Southern Delivery System: Lake Pueblo storage negotiations with Reclamation update

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From The Pueblo Chieftain (Chris Woodka):

Colorado Springs, in the current negotiations with the Bureau of Reclamation for its proposed Southern Delivery System, argues that it would be fair to be granted the same rate Pueblo has for storage in Lake Pueblo, and to not pay an annual fee for conveyance.

Pueblo’s rate and payment arrangements were determined under different circumstances and for different reasons during negotiations in 2000. Pueblo received a 25-year contract to store nonproject water in Lake Pueblo in 2000 for a fixed price of $17.35 per acre-foot. The contract began at 3,000 acre-feet, and increases to 15,000 acre-feet by 2025. At the same time, it agreed to pay its share, 77.58 percent, for construction of the South Outlet Works and Delivery Manifold over a 25-year contract at 3.046 percent — about $169,000 annually, or $4.2 million over time.

Reclamation offered Colorado Springs storage and conveyance for $75 an acre-foot and an exchange contract for $50 per acre-foot, a deal termed “unacceptable” by SDS Project Director John Fredell at the end of a June 15 negotiating session. Throughout the negotiations, Colorado Springs tried to hammer home the point that as part of the Southeastern Colorado Water Conservancy District, it should be entitled to the same terms Pueblo received in its 2000 contract. Colorado Springs also maintains it should not have to pay to use the North Outlet Works, which it intends to pay for and construct, along with its SDS partners — Security, Fountain and Pueblo West.

The North Outlet Works was bumped up in Colorado Springs planning in 2008, after it became apparent the connection on the south end of the dam, either through excess capacity or enlargement, would not be available. Colorado Springs wants the power to sell its own excess capacity in the new connection to help pay for it…

Colorado Springs already benefits from the Fry-Ark Project through the Fountain Valley Conduit, as well as arrangements made for the use of Twin Lakes and Turquoise Lake by the Homestake Project, which includes Aurora as a partner. Fountain Valley (Colorado Springs, Security, Widefield, Fountain, Stratmoor Hills) is entitled to 25 percent of the relatively cheap Fry-Ark allocations each year, as well as ample storage space for project water in Lake Pueblo. But Colorado Springs and its SDS partners want more. SDS is seeking to use excess-capacity space in Lake Pueblo that was never part of the Fry-Ark Project to accommodate growth, provide redundancy and fully use water rights obtained after the Fry-Ark Project began. Negotiations continue July 15 in Fountain.

Pueblo, on the other hand, received contracts for parts of the Fry-Ark Project that were envisioned as far back as 1960. At that time, Congress was getting close to passing the Fryingpan-Arkansas Project Act, and a large treatment plant was envisioned at the base of Pueblo Dam that would provide water for Pueblo and communities below…

Concurrently, Pueblo was improving its own system. In the 1950s, Pueblo’s two water companies, which served either the north or south side of the Arkansas River, merged. Both operated river intakes, which are still used occasionally. There also were wells at the honor farm. When Pueblo Dam was completed in the 1970s, the South Outlet Works was built with a capacity of about 359 cubic feet per second. In all the planning documents, 310 cfs were reserved for Pueblo and the Arkansas Valley Conduit, as part of the Fry-Ark Project. The final allocation gives Pueblo capacity of 278.5 cfs (180 million gallons per day); Fountain Valley, 30.6 cfs; Pueblo West, 18.94 cfs; and future Arkansas Valley Conduit, 30.94 cfs. Pueblo is nowhere near using that full capacity, while Fountain Valley and Pueblo West already occasionally hit the limits. Land was set aside on federal property for a filter plant that would eventually be built to serve Pueblo and the conduit. In addition, there was an understanding throughout the development of the Fry-Ark Project that Pueblo would receive consideration on 20,000 acre-feet of storage space, said Terry Book, deputy director of the Pueblo Board of Water Works. “When we did our negotiations, we looked at what the legislation said and documented the history and correspondence between the parties,” Book said. Those records show a clear trail back to 1967 of official correspondence between Reclamation, Pueblo water board and the Southeastern district that led up to the 2000 negotiations. Over that time, Pueblo constructed a new water treatment plant north of the Arkansas River in 1977, and completed a major upgrade of the plant in 2003. By about 1999, the water demand in Pueblo was sufficient to construct the pipeline from the South Outlet Works to the water treatment plant…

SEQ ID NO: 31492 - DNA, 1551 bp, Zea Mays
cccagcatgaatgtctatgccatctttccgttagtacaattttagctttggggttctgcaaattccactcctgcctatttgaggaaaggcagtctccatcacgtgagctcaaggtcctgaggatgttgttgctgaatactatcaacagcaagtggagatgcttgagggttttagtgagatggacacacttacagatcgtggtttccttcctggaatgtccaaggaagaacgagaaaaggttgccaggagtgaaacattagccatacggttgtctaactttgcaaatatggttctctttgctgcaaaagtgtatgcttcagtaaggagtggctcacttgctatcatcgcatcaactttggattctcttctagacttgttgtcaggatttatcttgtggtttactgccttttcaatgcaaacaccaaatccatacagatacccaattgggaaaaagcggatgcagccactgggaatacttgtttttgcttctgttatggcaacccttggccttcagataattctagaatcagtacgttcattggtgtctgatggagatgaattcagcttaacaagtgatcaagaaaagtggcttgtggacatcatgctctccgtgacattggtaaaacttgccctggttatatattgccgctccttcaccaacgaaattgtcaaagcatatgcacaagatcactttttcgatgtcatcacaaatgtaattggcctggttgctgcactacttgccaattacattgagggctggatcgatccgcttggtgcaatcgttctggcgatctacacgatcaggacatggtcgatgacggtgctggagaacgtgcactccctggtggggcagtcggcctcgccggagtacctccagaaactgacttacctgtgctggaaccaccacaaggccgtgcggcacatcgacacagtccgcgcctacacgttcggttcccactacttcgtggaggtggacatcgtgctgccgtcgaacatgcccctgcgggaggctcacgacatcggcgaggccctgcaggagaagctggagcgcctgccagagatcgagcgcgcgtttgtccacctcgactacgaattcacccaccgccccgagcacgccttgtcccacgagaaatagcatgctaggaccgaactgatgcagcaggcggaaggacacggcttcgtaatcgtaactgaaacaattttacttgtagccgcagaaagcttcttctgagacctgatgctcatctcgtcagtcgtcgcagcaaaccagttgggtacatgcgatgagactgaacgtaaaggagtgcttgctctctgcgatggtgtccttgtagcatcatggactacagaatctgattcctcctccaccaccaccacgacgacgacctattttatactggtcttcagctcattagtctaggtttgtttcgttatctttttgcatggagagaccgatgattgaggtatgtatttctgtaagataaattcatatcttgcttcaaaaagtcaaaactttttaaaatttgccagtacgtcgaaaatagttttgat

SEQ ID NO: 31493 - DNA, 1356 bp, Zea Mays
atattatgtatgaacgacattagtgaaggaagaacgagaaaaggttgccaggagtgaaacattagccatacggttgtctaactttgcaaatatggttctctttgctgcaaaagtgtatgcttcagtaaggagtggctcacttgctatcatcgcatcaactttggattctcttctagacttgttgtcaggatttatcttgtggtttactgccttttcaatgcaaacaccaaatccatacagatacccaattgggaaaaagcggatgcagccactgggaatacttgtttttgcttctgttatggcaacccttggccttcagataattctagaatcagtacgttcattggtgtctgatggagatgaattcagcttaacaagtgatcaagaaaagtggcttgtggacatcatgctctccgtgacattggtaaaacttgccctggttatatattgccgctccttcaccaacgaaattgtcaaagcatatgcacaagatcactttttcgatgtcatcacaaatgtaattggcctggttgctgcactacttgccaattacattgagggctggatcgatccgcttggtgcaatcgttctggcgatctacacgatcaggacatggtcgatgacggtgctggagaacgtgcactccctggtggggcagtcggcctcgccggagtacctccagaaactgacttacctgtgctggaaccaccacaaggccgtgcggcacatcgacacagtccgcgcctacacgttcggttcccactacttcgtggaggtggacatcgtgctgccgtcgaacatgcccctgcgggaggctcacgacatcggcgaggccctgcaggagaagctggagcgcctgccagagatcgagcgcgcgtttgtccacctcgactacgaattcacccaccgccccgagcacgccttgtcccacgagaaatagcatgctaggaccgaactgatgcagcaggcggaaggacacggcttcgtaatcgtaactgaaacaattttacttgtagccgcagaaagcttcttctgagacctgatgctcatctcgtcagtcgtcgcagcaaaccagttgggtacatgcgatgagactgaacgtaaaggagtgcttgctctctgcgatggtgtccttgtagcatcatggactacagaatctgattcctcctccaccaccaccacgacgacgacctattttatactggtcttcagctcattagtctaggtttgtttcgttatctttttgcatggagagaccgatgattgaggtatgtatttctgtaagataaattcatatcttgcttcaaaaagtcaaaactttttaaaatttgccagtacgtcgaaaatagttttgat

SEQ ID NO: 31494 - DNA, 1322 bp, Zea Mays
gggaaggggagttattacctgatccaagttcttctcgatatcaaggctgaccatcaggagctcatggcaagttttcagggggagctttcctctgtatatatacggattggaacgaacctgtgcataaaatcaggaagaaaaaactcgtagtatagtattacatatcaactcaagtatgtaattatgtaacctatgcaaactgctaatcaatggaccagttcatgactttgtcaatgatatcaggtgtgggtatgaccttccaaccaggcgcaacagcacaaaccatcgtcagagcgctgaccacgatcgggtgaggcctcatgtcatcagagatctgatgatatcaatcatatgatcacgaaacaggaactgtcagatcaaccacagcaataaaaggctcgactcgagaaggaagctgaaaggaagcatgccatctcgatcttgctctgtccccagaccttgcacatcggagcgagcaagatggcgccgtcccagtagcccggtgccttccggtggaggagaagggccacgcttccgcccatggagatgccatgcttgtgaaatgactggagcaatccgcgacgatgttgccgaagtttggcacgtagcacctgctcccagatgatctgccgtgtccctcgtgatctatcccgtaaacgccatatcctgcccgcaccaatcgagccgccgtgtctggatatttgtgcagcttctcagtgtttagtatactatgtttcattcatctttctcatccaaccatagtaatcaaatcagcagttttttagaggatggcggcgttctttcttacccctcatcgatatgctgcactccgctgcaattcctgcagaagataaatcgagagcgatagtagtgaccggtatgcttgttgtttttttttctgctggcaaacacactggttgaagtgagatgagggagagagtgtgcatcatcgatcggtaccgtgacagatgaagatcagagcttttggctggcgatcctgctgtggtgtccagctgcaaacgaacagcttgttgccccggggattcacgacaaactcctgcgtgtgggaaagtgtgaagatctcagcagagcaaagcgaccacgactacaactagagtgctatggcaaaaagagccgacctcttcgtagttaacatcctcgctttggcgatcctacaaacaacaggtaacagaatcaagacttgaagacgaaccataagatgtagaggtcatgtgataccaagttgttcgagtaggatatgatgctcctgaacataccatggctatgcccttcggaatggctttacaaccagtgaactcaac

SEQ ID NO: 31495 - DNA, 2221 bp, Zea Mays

Since the Pueblo contract, Aurora — a city of 300,000 east of Denver that uses the Fry-Ark Project to move water out of the basin — was given a 40-year contract. Colorado Springs was successful in gaining Reclamation’s approval of a 40-year contract after the first SDS negotiating session in May.

More Southern Delivery System coverage here and here.

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